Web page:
In the Quest of the Man, about males, men and gentlemen
Out from his value for each gender, their different strengths and qualities,
Roland Böhringer explores some of the ingredients that make a man a richer
the last 30 years, and increasingly so, women have been entering the domains
that were traditionally reserved solely for men. In many professions they are
now established on equal footing to men, and in some, especially when teamwork
is required, they surpass them. This has been both impressive for men to witness,
and yet can also tend to stir an innate insecurity. Man has witnessed the feminine
strengths of persistence and tenacity, communication skills, diplomacy, intelligence
and common sense and, of course, charm.
So what does this mean for the men? Will this stir us to further
development in our inherent strengths and qualities, updating our view on what
it means to be a man in the twenty-first century? Without this, it is unlikely
that the best of both genders can begin to co-operate in making a better future
for all. In strength the genders can work together, in weakness they battle.
The contemporary man: a short look at the media
can see some of these developments appearing in films and in the media. One
of these is the film ‘What Women Want’ in which Helen Hunt plays
a part where she gets the job of art director in competition with Mel Gibson’s
character. Although Mel Gibson determines to take revenge for his defeat, he
becomes reflective about his behaviour and comes clean - leading, of course,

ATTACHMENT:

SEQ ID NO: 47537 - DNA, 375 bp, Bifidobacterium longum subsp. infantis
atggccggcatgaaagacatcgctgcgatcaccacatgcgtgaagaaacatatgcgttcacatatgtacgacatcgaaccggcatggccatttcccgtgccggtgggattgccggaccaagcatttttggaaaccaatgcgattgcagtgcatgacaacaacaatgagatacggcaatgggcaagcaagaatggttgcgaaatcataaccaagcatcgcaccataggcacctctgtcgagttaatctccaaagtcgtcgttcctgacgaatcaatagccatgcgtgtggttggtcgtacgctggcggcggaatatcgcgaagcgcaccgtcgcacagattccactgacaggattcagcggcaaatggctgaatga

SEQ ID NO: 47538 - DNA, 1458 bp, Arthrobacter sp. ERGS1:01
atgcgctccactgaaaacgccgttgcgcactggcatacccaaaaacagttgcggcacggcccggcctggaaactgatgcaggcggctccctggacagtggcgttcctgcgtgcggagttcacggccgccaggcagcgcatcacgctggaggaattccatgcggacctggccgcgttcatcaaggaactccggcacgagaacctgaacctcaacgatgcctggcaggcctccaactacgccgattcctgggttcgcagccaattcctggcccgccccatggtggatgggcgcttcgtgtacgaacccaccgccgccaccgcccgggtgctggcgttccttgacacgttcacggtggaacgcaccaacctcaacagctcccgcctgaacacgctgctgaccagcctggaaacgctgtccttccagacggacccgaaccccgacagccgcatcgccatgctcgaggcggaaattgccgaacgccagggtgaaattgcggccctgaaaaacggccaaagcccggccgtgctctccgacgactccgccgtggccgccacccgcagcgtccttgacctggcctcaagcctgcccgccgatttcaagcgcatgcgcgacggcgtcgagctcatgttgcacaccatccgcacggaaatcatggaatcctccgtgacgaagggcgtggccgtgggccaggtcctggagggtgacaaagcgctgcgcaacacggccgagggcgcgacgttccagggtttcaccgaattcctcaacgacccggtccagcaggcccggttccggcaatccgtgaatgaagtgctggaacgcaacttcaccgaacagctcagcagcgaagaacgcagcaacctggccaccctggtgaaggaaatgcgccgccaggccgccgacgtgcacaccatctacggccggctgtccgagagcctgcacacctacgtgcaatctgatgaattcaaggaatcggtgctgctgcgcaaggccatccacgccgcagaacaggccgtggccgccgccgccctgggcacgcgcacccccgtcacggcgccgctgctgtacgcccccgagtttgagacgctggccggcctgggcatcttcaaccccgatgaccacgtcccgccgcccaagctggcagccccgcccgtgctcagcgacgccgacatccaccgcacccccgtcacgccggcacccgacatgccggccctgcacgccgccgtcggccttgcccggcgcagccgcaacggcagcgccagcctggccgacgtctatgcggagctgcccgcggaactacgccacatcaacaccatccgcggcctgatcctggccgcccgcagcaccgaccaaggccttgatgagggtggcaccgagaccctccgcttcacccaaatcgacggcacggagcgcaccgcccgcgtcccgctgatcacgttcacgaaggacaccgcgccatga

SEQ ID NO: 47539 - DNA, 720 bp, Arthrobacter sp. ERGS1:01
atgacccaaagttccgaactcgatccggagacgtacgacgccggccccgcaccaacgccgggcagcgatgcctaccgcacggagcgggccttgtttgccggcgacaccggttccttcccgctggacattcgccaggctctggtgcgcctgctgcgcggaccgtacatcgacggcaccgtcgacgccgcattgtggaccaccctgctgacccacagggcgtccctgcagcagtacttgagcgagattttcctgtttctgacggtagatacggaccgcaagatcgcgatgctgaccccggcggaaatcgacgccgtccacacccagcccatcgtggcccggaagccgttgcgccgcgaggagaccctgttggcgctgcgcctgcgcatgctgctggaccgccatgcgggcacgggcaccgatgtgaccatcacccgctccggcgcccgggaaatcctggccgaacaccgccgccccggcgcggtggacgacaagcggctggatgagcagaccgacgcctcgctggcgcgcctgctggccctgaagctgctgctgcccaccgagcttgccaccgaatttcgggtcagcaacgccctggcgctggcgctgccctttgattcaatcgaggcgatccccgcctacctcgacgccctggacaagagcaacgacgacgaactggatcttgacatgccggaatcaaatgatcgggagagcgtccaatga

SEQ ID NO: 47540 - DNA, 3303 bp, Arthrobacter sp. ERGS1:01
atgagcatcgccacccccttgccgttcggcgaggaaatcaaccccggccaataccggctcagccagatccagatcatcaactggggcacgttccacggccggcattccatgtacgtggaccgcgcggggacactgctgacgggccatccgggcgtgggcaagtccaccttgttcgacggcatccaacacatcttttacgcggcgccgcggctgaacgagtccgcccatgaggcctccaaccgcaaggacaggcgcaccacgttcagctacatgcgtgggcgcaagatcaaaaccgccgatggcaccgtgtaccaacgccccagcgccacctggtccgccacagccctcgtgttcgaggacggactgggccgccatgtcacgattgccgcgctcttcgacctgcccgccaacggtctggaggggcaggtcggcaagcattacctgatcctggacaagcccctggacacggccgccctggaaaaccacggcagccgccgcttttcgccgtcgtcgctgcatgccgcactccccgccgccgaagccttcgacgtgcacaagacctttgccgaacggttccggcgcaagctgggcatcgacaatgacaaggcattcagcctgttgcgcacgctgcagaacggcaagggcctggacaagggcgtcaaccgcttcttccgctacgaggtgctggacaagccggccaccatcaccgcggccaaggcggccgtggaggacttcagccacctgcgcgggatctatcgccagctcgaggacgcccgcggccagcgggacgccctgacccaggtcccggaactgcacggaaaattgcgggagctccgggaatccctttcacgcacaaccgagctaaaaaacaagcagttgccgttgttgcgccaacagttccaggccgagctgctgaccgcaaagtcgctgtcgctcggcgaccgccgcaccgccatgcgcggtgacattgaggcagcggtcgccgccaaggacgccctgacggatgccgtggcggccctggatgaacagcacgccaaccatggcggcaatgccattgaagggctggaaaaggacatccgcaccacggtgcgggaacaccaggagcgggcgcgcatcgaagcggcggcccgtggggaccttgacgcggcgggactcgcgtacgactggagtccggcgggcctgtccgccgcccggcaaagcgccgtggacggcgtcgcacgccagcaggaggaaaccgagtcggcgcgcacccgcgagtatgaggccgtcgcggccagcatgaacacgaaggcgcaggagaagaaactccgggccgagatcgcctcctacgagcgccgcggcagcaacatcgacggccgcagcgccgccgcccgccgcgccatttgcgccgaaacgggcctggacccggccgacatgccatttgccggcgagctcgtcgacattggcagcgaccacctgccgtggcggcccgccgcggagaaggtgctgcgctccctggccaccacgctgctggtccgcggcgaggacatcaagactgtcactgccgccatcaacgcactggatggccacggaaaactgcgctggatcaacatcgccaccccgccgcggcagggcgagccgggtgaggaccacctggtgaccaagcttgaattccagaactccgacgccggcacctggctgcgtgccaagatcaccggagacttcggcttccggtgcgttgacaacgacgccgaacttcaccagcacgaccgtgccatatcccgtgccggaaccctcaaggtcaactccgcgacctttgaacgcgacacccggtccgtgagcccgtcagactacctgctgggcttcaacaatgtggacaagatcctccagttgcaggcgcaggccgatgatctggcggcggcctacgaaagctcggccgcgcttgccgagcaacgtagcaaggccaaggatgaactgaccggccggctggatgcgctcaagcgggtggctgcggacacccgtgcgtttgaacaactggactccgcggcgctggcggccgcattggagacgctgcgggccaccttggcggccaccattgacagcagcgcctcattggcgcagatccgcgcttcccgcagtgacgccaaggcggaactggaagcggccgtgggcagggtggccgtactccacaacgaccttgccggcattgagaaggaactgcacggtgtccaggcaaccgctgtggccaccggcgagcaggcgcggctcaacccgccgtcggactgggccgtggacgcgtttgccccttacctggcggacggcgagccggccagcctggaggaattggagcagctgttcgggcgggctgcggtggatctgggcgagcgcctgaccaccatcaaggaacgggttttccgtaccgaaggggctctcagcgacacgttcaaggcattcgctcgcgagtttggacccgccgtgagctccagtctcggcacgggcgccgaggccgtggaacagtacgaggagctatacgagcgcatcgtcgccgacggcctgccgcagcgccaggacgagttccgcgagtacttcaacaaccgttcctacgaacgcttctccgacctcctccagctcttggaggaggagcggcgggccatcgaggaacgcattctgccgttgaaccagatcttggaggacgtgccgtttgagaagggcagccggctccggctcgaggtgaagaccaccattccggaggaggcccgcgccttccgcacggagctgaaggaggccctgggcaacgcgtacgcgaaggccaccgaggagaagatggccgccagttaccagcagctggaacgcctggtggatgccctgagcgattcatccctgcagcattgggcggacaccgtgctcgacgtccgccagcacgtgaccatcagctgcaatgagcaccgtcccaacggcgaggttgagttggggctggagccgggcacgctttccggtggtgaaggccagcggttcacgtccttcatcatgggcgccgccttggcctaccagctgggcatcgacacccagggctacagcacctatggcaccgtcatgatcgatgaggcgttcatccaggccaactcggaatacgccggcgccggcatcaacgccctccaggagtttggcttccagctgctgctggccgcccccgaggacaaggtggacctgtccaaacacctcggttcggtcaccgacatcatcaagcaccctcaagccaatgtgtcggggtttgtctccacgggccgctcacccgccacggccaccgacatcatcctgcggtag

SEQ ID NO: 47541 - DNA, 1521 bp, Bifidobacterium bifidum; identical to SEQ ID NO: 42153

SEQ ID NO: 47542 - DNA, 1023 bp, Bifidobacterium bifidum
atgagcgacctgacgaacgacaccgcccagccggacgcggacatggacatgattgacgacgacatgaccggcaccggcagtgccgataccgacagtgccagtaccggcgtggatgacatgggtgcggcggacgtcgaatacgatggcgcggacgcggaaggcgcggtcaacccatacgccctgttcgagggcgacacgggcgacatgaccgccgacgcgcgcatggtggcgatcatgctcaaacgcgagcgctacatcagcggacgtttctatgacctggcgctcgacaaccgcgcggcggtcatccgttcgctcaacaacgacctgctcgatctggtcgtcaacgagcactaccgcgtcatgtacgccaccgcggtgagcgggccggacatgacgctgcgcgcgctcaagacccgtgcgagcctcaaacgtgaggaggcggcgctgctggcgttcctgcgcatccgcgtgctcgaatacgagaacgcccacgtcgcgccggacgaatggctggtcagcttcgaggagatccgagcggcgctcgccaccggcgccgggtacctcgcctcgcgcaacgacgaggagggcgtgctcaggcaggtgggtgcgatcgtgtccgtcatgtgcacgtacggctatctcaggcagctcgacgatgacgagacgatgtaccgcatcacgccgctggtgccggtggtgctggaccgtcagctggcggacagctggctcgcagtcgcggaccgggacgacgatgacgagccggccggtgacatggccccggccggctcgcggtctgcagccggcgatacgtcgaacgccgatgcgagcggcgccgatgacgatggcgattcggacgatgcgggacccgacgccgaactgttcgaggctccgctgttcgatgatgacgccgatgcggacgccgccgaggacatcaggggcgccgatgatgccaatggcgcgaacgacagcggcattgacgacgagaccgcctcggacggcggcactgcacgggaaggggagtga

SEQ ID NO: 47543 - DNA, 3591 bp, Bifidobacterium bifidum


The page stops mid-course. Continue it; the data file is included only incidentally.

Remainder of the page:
into a new romance.
The film ‘My Big Fat Greek Wedding’ gives a humorous insight into
the decision-making process between a Greek restaurant-owner and his energetic
wife - clearly the real boss. She wants their daughter to be allowed to work
in a travel-agency, and in a very humorous scene, she creates the circumstances
where her husband believes that he has come up with the idea that the daughter
should take the job. Afterwards he is pleased with himself and feels confirmed
that he has solved a family issue that was brought to him. The wife wins too
as she manages to get her way.
These two films humorously reflect many of today’s realities and scenarios
within the exchange of the genders.
What could be the focus of a man’s inner development?
Let us start with a thesis: As long as human-ness and ongoing personal
growth are not the joint endeavour of both genders, then neither of them will
be able to realise and actualise their full spiritual potential.
mutual intention could be respect, shared support and true, lived humanity.
This aspect of a declared, mutual endeavour is often curiously overlooked in
the debate between the genders. Such an approach could lead to a softening of
barriers that exist and into a greater joint understanding, as both genders
in partnership set themselves a common purpose, each to then freely express
their distinct way and style in this greater endeavour.
It is clear that this is easier said than done. However when one manages, by
actual common sense, to agree on a common intention that has an overriding importance
to both, it becomes a sanctuary to return to when the going gets tough. Returning